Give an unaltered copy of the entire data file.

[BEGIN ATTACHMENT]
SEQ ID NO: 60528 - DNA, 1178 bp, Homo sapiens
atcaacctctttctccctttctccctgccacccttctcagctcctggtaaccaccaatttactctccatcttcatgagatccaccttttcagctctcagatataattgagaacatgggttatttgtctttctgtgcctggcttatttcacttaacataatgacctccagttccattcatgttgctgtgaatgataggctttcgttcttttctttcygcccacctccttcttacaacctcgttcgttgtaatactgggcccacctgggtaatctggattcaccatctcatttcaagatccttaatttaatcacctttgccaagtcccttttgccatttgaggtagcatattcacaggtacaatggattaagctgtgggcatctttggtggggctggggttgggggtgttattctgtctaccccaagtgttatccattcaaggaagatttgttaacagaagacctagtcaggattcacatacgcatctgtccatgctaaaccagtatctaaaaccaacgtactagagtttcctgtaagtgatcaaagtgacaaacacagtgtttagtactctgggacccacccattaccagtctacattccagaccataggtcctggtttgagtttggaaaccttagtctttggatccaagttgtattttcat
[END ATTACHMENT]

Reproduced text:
SEQ ID NO: 60528 - DNA, 1178 bp, Homo sapiens
atcaacctctttctccctttctccctgccacccttctcagctcctggtaaccaccaatttactctccatcttcatgagatccaccttttcagctctcagatataattgagaacatgggttatttgtctttctgtgcctggcttatttcacttaacataatgacctccagttccattcatgttgctgtgaatgataggctttcgttcttttctttcygcccacctccttcttacaacctcgttcgttgtaatactgggcccacctgggtaatctggattcaccatctcatttcaagatccttaatttaatcacctttgccaagtcccttttgccatttgaggtagcatattcacaggtacaatggattaagctgtgggcatctttggtggggctggggttgggggtgttattctgtctaccccaagtgttatccattcaaggaagatttgttaacagaagacctagtcaggattcacatacgcatctgtccatgctaaaccagtatctaaaaccaacgtactagagtttcctgtaagtgatcaaagtgacaaacacagtgtttagtactctgggacccacccattaccagtctacattccagaccataggtcctggtttgagtttggaaaccttagtctttggatccaagttgtattttcat